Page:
Joint Custody

There are many times when parents cannot live together. In these cases, there needs to be a decision about who has custody of the child. Custody can be awarded solely to one person; there can be an agreement where one person has custody of the child while the other still retains some of their parental rights and there can be times when joint custody is awarded.

Joint Custody

In the case of joint custody, both of the parents will have custody of the child. This could be due to the child spending a significant amount of time with both parent or because both parents want to have a say in the decisions that are made for the child. Joint custody requires an agreement between the parties about the care of the child and how decisions are to be made.

There are two types of joint custody that are usually decided by the courts. Joint physical custody will refer to where the child lives at different times. A schedule for this type of custody is usually agreed upon by both parties. Joint legal custody is awarded when both parties want access to all of the legal records of a child. Making decisions about this type of custody should be done with the help of legal representation.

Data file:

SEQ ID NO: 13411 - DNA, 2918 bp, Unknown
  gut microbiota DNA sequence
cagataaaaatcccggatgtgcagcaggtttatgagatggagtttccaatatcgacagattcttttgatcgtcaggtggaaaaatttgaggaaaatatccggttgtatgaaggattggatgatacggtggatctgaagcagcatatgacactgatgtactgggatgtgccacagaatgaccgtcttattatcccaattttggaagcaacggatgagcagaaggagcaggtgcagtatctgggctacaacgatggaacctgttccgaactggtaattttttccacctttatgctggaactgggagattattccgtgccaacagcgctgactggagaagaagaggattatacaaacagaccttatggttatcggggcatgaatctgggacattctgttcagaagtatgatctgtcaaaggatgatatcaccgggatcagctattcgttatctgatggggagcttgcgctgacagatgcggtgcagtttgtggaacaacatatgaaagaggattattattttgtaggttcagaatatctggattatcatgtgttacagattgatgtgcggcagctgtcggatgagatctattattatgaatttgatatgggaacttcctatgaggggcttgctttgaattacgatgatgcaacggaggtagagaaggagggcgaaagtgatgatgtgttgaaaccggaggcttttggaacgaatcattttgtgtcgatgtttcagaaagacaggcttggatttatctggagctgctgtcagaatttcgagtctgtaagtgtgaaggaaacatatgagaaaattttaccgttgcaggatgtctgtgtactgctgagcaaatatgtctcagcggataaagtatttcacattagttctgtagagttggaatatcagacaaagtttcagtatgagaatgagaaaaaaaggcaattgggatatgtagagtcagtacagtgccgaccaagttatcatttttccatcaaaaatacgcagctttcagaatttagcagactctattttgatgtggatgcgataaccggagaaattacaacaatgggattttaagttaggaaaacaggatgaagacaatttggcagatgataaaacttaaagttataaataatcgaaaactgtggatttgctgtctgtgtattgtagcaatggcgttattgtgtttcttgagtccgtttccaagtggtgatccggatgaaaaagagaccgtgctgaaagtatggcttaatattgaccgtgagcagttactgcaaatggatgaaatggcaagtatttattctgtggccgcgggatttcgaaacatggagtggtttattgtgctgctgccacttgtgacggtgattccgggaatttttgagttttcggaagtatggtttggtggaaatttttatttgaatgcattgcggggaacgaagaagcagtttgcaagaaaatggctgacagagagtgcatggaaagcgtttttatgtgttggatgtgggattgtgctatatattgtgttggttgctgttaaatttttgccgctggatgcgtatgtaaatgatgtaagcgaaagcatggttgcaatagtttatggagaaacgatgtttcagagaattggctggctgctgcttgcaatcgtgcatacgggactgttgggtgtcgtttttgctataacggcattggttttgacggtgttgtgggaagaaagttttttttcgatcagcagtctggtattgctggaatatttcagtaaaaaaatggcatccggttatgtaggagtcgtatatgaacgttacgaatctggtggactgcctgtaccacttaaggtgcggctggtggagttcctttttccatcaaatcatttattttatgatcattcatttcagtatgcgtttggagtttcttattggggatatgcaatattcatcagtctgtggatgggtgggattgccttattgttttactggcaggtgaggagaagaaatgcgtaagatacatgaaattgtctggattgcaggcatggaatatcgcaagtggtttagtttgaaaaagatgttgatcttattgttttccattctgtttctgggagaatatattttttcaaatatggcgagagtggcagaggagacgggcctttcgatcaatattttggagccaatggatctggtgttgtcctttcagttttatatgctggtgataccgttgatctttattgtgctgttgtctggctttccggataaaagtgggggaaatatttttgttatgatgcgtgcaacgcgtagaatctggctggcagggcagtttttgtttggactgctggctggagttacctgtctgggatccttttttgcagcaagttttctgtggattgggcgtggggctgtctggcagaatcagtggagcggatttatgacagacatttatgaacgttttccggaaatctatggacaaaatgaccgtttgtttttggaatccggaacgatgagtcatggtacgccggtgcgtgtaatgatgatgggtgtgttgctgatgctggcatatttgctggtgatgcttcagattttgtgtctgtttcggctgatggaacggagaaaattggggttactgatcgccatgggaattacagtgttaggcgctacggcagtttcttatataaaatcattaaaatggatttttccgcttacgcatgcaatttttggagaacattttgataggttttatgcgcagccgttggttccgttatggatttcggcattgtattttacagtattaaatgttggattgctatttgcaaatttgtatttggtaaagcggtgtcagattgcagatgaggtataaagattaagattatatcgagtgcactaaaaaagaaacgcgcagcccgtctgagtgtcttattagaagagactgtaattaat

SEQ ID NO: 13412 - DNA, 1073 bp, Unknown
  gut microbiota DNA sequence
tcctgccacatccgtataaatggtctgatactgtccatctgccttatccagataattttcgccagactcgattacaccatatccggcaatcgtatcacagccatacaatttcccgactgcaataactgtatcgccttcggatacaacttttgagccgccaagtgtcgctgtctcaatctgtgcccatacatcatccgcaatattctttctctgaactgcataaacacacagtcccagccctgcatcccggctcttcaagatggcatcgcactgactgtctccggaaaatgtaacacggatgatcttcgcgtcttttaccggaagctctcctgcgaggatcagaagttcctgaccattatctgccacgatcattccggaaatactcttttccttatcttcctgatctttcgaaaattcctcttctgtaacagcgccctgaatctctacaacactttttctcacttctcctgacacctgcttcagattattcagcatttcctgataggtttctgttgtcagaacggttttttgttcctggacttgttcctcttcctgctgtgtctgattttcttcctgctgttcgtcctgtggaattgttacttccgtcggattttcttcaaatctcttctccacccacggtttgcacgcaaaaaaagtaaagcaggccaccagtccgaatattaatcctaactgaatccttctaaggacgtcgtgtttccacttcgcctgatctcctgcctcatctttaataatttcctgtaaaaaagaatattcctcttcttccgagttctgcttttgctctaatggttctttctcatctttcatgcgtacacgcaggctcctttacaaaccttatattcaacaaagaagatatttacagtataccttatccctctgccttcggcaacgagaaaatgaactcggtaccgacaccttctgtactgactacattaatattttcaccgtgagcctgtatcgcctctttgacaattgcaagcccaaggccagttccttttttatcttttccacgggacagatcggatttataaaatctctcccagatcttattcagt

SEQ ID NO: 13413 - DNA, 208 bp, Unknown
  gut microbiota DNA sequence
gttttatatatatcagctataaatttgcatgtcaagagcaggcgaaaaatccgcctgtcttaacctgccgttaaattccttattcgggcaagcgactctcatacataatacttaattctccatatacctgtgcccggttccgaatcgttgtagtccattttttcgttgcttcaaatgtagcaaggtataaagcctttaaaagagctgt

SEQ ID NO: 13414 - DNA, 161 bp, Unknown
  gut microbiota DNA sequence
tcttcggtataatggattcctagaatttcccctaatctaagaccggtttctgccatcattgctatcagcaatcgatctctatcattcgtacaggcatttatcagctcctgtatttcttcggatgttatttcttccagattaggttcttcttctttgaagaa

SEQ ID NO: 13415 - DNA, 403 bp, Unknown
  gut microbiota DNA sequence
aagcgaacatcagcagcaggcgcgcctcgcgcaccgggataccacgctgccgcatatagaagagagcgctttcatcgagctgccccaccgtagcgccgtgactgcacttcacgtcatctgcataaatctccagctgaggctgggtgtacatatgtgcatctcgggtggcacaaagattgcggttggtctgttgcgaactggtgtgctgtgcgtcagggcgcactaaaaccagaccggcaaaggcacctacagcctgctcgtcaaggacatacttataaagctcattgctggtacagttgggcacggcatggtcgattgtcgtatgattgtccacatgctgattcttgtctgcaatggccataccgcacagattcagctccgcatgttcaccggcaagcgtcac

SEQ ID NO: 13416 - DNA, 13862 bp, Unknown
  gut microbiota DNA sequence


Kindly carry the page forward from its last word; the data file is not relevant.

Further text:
People often have the following types of questions:

  • What is joint custody in Texas?
  • How do I get joint custody in Texas?
  • Who does the child live with if we have this custody?
  • Can I take the child out of the country if I have this custody?
  • Who make decisions about the child’s schooling?
  • Who makes decisions about medical care for my child?
  • Do I need a lawyer to set up this custody?
  • Do I need court approval for this custody?
  • If I have joint custody, do I still need to pay child support?
  • How is financial support of the child decided?
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America Family Law Center
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Children need their parents